Born in Compton, California, Sherman excelled both on the field as a football and track star, and in the classroom as salutatorian with a 4.2 GPA at Dominguez High School. After a stellar career at Stanford University, the outstanding cornerback was picked by Seattle in the fifth round in the 2011 Draft. Sherman anchored the defense and helped lead the Seahawks to back-to-back NFC Championships in 2013 and 2014, as well as their first Super Bowl title in 2014. The lockdown cornerback has been named a Pro Bowler four times, in addition to taking home the NFC Defensive Player of the Year award in 2014.
Sherman has been a player representative since 2014 and was re-elected in 2018 with his current team, the San Francisco 49ers. He was voted onto the NFLPA’s Executive Committee in 2016 and was re-elected in 2018 and 2020 to continue his vocal, passionate leadership.
Off the field, Sherman formed his charity – Blanket Coverage, A Richard Sherman Family Foundation – in 2013 in order to provide students in low-income communities with clothing and supplies to help them work towards achieving their goals. His work to help raise funds, including a personal $5,000 donation, for a Compton youth football team to attend the national championship in Florida earned him NFLPA Community MVP honors in 2019.
Michael Thomas | Vice President
The Stanford graduate is one of the NFLPA’s most active players both on and off the field. After playing one season with San Francisco as an undrafted free agent in 2012, Thomas spent the next five seasons as a free safety and special teams standout for the Miami Dolphins. In March 2018, Thomas signed a contract with the New York Giants and was named to his first Pro Bowl that same season.
Thomas became a player rep for the Dolphins in 2016 before going on to be the rep for the Giants as well as a team captain. He was voted onto the Executive Committee in 2018 and re-elected in 2020.
The defender’s community involvement in Miami, California and his hometown of Houston include: creating the Big Plays for Big Brothers Big Sisters of Miami program; being named NFLPA Community MVP during both the 2015 and 2016 seasons for his youth mentorship initiatives; hosting “Camp Mike T” to expose kids to unique opportunities through computer science and college prep programs; participating in a ride-along with the Broward County Sheriff’s Office; partnering with Food for the Hungry and traveling to Haiti in March 2017 to help raise funds to reduce poverty in the country.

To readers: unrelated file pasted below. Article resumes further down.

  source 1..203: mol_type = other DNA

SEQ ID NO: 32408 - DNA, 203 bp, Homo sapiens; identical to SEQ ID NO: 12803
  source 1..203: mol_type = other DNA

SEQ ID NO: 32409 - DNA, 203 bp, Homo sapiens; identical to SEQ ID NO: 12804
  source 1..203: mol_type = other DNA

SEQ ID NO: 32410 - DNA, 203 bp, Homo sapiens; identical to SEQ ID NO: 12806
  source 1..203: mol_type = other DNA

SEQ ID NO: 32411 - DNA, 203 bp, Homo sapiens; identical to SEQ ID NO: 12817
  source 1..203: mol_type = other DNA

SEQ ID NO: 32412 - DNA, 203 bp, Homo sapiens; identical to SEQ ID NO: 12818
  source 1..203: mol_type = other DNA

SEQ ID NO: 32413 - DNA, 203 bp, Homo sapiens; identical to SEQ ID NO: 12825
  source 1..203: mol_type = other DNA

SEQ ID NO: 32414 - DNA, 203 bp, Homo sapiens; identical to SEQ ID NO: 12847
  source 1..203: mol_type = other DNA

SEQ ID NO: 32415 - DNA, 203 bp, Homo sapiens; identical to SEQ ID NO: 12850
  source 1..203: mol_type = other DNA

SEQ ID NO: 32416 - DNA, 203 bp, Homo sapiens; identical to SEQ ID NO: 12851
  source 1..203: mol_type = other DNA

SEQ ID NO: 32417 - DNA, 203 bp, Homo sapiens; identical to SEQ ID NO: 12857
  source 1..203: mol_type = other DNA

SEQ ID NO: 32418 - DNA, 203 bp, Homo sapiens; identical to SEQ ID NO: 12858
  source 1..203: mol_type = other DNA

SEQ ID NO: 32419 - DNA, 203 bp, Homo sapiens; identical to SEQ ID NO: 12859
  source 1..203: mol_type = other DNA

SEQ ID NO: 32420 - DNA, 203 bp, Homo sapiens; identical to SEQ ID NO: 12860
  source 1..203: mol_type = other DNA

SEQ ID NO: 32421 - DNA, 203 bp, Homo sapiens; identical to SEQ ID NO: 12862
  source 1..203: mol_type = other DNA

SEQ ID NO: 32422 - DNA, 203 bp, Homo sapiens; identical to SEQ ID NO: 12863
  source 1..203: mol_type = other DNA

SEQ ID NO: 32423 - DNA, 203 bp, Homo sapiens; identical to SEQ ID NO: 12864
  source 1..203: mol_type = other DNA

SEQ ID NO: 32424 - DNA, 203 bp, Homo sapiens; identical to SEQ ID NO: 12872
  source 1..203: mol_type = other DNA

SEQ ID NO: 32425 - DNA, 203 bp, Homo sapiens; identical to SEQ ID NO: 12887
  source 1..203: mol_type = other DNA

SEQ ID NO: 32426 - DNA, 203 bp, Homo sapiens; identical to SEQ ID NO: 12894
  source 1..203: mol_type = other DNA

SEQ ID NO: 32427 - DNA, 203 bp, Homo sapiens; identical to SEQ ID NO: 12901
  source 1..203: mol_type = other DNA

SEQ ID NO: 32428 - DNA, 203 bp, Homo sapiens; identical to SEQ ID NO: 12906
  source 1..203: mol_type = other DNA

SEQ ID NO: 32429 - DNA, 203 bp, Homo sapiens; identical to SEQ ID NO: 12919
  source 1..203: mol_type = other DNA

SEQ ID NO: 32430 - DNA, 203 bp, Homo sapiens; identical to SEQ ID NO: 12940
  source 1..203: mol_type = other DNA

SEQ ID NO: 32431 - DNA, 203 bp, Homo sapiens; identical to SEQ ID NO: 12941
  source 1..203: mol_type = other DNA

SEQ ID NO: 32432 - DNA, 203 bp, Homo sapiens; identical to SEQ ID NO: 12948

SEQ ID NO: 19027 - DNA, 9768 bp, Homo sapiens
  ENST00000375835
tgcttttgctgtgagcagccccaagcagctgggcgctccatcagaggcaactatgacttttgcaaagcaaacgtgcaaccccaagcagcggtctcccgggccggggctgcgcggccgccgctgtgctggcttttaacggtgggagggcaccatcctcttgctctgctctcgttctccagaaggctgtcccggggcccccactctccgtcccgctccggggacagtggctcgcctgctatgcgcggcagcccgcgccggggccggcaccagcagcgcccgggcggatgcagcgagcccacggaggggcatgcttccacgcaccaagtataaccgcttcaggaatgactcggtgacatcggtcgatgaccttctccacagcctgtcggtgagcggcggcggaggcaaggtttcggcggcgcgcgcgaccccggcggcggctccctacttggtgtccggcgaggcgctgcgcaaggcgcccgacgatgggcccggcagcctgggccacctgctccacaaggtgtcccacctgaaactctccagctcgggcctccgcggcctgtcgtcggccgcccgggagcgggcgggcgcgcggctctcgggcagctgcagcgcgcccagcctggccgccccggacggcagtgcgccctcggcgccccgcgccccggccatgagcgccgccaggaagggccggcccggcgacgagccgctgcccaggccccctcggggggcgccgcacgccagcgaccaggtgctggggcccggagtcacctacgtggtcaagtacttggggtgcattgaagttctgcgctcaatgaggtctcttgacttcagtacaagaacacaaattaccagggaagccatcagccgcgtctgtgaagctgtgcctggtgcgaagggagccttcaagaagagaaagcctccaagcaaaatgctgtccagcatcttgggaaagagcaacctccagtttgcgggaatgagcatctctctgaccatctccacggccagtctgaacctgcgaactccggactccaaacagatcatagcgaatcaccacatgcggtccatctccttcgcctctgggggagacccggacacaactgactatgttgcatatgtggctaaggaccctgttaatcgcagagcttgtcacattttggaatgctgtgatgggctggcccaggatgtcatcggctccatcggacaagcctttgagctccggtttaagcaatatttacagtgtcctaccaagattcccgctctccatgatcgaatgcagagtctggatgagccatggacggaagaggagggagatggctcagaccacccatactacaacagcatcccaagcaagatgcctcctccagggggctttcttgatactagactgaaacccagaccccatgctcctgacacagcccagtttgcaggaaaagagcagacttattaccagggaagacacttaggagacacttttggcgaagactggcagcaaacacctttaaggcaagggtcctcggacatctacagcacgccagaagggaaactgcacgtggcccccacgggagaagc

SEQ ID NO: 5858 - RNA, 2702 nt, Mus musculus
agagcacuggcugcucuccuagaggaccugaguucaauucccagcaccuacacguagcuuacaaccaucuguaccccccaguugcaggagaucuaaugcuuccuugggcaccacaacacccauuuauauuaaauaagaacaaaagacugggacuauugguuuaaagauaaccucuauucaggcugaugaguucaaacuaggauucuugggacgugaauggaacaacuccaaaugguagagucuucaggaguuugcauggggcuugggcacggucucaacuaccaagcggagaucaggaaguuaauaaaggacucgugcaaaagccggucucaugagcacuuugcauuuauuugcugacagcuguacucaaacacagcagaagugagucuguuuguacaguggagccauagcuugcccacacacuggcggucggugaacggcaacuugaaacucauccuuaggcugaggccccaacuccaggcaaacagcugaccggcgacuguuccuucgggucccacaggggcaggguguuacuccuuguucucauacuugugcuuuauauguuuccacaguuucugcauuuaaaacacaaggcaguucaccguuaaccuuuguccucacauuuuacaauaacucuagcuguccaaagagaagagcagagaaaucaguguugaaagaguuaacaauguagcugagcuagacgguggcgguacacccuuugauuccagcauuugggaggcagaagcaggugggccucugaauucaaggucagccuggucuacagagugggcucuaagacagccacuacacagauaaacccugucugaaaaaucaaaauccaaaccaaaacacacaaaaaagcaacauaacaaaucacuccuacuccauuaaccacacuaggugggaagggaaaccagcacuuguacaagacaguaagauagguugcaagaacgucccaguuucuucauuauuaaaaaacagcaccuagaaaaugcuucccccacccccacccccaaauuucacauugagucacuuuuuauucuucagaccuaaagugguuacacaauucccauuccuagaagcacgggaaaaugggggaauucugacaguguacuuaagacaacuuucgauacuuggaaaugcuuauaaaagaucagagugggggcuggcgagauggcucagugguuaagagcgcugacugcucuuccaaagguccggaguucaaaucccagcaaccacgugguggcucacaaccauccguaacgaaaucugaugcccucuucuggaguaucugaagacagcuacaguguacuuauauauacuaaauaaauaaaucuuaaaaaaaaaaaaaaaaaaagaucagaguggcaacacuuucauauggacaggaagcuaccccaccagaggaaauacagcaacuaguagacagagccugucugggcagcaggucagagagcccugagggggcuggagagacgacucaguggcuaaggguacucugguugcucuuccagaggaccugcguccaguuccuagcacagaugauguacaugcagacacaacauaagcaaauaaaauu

Thomas was also a part of the NFLPA’s 2018 and 2019 Externship classes, during which he worked closely with Rep. Sheila Jackson Lee (Texas) to learn more about the political process on Capitol Hill.
Benjamin Watson | Vice President
Watson began his NFL career in 2004 as a first-round draft pick by the New England Patriots, where he won a Super Bowl during his rookie year. Watson rounded out his distinguished 16-year career with the Cleveland Browns, New Orleans Saints and Baltimore Ravens.
The tight end first became a player rep for the NFLPA in 2010 and was elected to the NFLPA Executive Committee in 2012. Watson was re-elected for a fourth and final term in 2020 just before announcing his retirement from the NFL.
Watson is known throughout the NFL for his charitable endeavors. In 2007, he helped distribute Thanksgiving food baskets at Morgan Memorial Goodwill Industries in Boston. Later that year, he traveled to Iraq and Afghanistan with a small group of NFL players on a USO tour visiting military bases. In 2008, Watson and his wife Kirsten created a charitable foundation called “One More” in 2008. Their public charity is dedicated to impacting lives by meeting real needs, promotes education and provides enrichment opportunities through charitable initiatives and partnerships. In 2017, Watson was named a finalist for the Walter Payton Man of the Year award, and in 2018 he was selected as an NFLPA Community MVP for his foundation’s efforts.